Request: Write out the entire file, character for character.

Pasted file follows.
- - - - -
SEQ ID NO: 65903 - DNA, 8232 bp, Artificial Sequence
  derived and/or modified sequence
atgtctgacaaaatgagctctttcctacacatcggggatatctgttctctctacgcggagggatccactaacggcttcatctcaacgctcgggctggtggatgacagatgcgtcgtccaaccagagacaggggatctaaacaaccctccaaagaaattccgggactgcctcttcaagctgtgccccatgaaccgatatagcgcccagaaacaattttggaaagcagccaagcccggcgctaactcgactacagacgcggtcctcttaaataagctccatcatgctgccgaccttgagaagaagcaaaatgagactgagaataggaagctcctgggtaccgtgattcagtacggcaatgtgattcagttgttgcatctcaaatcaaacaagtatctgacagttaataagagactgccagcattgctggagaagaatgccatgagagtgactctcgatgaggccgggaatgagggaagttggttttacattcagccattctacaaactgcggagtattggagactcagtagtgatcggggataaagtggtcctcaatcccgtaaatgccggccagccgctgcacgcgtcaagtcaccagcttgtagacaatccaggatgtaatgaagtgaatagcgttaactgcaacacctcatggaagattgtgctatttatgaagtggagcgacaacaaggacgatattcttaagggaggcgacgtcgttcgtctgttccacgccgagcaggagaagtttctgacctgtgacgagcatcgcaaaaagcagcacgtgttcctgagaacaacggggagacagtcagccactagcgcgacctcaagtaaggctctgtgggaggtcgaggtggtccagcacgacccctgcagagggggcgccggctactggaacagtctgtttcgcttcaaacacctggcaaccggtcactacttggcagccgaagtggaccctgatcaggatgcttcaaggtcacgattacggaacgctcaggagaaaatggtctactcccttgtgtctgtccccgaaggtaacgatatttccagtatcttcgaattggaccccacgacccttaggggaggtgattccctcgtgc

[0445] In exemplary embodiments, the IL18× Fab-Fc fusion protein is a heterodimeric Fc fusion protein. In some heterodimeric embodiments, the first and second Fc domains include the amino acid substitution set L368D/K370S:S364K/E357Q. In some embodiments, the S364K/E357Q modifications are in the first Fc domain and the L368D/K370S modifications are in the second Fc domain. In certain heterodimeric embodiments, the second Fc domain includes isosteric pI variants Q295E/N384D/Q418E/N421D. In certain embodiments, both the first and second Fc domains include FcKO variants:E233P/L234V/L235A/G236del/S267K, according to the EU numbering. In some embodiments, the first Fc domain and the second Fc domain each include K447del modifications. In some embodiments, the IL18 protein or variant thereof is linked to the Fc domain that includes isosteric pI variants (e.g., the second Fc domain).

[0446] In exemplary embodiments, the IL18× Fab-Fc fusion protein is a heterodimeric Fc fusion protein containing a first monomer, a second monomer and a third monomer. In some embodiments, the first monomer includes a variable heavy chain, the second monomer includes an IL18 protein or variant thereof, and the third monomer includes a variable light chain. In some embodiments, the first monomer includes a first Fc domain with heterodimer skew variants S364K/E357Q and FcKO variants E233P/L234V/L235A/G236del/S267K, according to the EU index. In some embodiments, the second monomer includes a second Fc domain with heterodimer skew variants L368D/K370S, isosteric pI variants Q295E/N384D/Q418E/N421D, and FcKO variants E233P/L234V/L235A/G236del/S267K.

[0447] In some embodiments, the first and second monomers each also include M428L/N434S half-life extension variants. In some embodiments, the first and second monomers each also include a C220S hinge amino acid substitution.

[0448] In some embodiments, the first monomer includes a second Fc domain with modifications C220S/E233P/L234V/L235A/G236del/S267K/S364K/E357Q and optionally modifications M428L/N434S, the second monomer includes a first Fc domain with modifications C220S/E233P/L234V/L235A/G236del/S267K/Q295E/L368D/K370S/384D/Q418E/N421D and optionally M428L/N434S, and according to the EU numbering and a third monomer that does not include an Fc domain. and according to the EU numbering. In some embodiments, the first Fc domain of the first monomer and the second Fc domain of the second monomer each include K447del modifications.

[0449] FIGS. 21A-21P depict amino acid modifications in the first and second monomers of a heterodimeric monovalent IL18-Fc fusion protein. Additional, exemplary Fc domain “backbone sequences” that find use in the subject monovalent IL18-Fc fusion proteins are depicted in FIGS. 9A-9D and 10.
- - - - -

SEQ ID NO: 65903 - DNA, 8232 bp, Artificial Sequence
  derived and/or modified sequence
atgtctgacaaaatgagctctttcctacacatcggggatatctgttctctctacgcggagggatccactaacggcttcatctcaacgctcgggctggtggatgacagatgcgtcgtccaaccagagacaggggatctaaacaaccctccaaagaaattccgggactgcctcttcaagctgtgccccatgaaccgatatagcgcccagaaacaattttggaaagcagccaagcccggcgctaactcgactacagacgcggtcctcttaaataagctccatcatgctgccgaccttgagaagaagcaaaatgagactgagaataggaagctcctgggtaccgtgattcagtacggcaatgtgattcagttgttgcatctcaaatcaaacaagtatctgacagttaataagagactgccagcattgctggagaagaatgccatgagagtgactctcgatgaggccgggaatgagggaagttggttttacattcagccattctacaaactgcggagtattggagactcagtagtgatcggggataaagtggtcctcaatcccgtaaatgccggccagccgctgcacgcgtcaagtcaccagcttgtagacaatccaggatgtaatgaagtgaatagcgttaactgcaacacctcatggaagattgtgctatttatgaagtggagcgacaacaaggacgatattcttaagggaggcgacgtcgttcgtctgttccacgccgagcaggagaagtttctgacctgtgacgagcatcgcaaaaagcagcacgtgttcctgagaacaacggggagacagtcagccactagcgcgacctcaagtaaggctctgtgggaggtcgaggtggtccagcacgacccctgcagagggggcgccggctactggaacagtctgtttcgcttcaaacacctggcaaccggtcactacttggcagccgaagtggaccctgatcaggatgcttcaaggtcacgattacggaacgctcaggagaaaatggtctactcccttgtgtctgtccccgaaggtaacgatatttccagtatcttcgaattggaccccacgacccttaggggaggtgattccctcgtgc

[0445] In exemplary embodiments, the IL18× Fab-Fc fusion protein is a heterodimeric Fc fusion protein. In some heterodimeric embodiments, the first and second Fc domains include the amino acid substitution set L368D/K370S:S364K/E357Q. In some embodiments, the S364K/E357Q modifications are in the first Fc domain and the L368D/K370S modifications are in the second Fc domain. In certain heterodimeric embodiments, the second Fc domain includes isosteric pI variants Q295E/N384D/Q418E/N421D. In certain embodiments, both the first and second Fc domains include FcKO variants:E233P/L234V/L235A/G236del/S267K, according to the EU numbering. In some embodiments, the first Fc domain and the second Fc domain each include K447del modifications. In some embodiments, the IL18 protein or variant thereof is linked to the Fc domain that includes isosteric pI variants (e.g., the second Fc domain).

[0446] In exemplary embodiments, the IL18× Fab-Fc fusion protein is a heterodimeric Fc fusion protein containing a first monomer, a second monomer and a third monomer. In some embodiments, the first monomer includes a variable heavy chain, the second monomer includes an IL18 protein or variant thereof, and the third monomer includes a variable light chain. In some embodiments, the first monomer includes a first Fc domain with heterodimer skew variants S364K/E357Q and FcKO variants E233P/L234V/L235A/G236del/S267K, according to the EU index. In some embodiments, the second monomer includes a second Fc domain with heterodimer skew variants L368D/K370S, isosteric pI variants Q295E/N384D/Q418E/N421D, and FcKO variants E233P/L234V/L235A/G236del/S267K.

[0447] In some embodiments, the first and second monomers each also include M428L/N434S half-life extension variants. In some embodiments, the first and second monomers each also include a C220S hinge amino acid substitution.

[0448] In some embodiments, the first monomer includes a second Fc domain with modifications C220S/E233P/L234V/L235A/G236del/S267K/S364K/E357Q and optionally modifications M428L/N434S, the second monomer includes a first Fc domain with modifications C220S/E233P/L234V/L235A/G236del/S267K/Q295E/L368D/K370S/384D/Q418E/N421D and optionally M428L/N434S, and according to the EU numbering and a third monomer that does not include an Fc domain. and according to the EU numbering. In some embodiments, the first Fc domain of the first monomer and the second Fc domain of the second monomer each include K447del modifications.

[0449] FIGS. 21A-21P depict amino acid modifications in the first and second monomers of a heterodimeric monovalent IL18-Fc fusion protein. Additional, exemplary Fc domain “backbone sequences” that find use in the subject monovalent IL18-Fc fusion proteins are depicted in FIGS. 9A-9D and 10.